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Radeem Rahman vows to learn from bout with idol Imanari

Last Friday, October 26, Singapore’s Radeem Rahman attempted to shock the martial arts world by upsetting Japanese grappling legend Masakazu Imanari.

Unfortunately, the Singapore Muay Thai Champion could not defeat his idol at ONE: PURSUIT OF GREATNESS at the Thuwunna Indoor Stadium in Yangon, Myanmar, and tapped out to an armbar at the 1:23 mark of the first round.

The bout was a late addition to the action-packed card in Yangon, giving Rahman little more than a week to prepare.

“It is tough as I don’t have time to train on various situations that I will be put in, but I tried to make the impossible possible,” the 31-year-old says.

Rahman came into the contest knowing that Imanari, who is notorious for his leg locks and other submissions, would look to take the bout to the ground quickly.

“The game plan was to keep it standing, as I know he wouldn't strike,” he adds. 

“I was always prepared to defend the leg attack, and I had to drag the match to the final round.”

The Neue Fit and Phuket Top Team representative was elusive to start the contest, keeping his distance but dropping fists when the multiple-time BJJ Champion got too close.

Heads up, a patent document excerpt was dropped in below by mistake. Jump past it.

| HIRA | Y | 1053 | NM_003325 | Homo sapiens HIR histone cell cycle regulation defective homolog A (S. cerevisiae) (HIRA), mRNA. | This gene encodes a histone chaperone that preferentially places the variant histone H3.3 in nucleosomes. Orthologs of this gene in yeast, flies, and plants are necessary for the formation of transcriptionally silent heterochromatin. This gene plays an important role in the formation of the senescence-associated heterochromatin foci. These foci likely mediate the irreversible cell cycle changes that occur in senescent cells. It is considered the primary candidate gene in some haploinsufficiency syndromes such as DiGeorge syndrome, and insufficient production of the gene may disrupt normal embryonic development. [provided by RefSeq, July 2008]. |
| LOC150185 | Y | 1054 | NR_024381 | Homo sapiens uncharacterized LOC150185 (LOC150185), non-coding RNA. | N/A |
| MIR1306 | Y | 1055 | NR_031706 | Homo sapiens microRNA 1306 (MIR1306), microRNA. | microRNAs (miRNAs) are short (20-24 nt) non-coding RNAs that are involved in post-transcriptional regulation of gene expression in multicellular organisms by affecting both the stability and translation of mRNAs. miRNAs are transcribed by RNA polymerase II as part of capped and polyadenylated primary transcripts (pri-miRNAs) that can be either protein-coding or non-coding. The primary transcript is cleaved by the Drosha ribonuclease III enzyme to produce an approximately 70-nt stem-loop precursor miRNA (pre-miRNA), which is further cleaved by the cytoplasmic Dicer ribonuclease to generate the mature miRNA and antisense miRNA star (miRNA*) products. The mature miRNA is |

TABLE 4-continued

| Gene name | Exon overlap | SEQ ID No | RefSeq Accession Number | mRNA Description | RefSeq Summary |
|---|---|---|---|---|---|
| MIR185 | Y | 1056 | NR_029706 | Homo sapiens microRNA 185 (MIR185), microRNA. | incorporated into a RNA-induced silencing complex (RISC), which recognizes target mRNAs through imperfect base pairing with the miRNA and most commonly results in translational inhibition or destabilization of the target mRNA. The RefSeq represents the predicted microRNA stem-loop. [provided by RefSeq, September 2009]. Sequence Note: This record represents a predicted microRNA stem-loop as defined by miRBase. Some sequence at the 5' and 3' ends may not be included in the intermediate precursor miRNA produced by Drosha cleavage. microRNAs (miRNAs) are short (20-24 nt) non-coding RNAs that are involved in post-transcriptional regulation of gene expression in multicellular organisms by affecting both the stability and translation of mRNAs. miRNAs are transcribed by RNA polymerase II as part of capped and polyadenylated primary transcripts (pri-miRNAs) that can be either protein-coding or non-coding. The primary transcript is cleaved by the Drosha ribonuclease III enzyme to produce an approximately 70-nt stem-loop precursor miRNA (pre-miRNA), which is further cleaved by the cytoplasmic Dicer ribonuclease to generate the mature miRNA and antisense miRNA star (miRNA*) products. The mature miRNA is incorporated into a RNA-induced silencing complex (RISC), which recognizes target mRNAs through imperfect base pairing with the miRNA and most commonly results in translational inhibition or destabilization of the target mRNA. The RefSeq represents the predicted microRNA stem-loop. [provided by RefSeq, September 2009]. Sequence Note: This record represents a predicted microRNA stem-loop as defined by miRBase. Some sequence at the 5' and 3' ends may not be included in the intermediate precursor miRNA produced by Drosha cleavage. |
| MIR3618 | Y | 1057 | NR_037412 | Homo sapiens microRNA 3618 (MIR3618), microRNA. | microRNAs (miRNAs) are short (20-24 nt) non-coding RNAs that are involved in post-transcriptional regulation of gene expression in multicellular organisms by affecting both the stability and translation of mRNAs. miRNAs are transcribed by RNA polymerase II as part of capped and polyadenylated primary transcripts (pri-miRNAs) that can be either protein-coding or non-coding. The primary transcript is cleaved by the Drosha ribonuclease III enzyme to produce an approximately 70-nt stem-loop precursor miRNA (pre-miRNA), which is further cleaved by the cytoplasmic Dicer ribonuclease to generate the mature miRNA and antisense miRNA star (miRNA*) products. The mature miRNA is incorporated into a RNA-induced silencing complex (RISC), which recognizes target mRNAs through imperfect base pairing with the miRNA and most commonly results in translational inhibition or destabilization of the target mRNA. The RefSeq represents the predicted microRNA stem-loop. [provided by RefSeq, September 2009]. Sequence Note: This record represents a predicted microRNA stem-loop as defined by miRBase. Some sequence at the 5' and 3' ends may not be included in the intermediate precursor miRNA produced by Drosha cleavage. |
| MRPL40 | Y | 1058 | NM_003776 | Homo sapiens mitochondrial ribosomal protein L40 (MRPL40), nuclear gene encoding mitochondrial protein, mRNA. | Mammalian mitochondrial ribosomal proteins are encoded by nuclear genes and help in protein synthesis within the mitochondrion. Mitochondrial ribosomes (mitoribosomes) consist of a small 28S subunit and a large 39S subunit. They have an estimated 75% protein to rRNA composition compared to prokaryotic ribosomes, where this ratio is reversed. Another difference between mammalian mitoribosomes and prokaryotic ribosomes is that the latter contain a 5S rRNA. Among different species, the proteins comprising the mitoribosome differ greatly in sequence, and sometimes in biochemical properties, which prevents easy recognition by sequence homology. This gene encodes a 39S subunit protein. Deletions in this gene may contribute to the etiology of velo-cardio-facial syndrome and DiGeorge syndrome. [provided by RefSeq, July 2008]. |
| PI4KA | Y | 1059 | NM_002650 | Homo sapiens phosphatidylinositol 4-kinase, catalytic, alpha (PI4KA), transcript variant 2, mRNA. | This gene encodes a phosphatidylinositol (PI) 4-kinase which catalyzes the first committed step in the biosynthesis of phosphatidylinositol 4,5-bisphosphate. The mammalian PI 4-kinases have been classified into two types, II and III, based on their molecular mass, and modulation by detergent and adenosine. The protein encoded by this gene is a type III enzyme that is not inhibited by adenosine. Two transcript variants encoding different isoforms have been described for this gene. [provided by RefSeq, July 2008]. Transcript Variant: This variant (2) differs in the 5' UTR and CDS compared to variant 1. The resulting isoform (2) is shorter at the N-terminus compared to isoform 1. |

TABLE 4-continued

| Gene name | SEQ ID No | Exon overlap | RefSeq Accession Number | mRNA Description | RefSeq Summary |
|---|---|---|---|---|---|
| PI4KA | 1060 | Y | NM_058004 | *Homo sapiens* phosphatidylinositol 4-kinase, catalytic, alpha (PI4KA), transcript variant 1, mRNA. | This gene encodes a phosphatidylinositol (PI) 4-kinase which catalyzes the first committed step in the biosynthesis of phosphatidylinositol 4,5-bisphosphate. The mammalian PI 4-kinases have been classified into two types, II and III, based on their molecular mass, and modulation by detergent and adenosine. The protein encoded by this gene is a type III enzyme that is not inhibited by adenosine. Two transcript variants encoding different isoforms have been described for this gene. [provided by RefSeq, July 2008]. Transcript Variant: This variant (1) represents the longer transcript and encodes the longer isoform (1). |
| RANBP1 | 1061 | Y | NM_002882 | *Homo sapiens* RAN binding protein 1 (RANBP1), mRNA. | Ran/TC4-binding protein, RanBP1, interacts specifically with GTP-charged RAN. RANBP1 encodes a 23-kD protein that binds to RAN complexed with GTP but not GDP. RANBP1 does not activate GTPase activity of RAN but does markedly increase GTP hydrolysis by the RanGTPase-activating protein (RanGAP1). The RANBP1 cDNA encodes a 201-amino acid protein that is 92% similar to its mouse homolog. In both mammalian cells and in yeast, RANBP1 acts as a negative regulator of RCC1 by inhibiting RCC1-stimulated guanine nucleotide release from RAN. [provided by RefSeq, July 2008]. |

It wouldn’t take long before the Japanese icon pulled his famed Imanari roll to close the distance and take the contest to the mat. Although Rahman was ready for it, he could not escape.

“That’s the Imanari roll that he always does. Once you defend the leg, he will pull guard,” Rahman says.

“I made a mistake when I’m in his guard, which led to a chain of submission attempts.”

Ultimately, Imanari was too crafty for Rahman, and the Singaporean soon had to tap out to an armbar.

Instead of being broken by the loss, Rahman says he will be motivated by it, and use the contest as a learning experience. 

“As much as a game plan is important, preparation for a bout against an opponent is too,” he says.

“I had nothing to lose. I fought someone who has way more experience and [is] a legend. I am only disappointed as I couldn’t push him much in the cage. It’s all about learning.”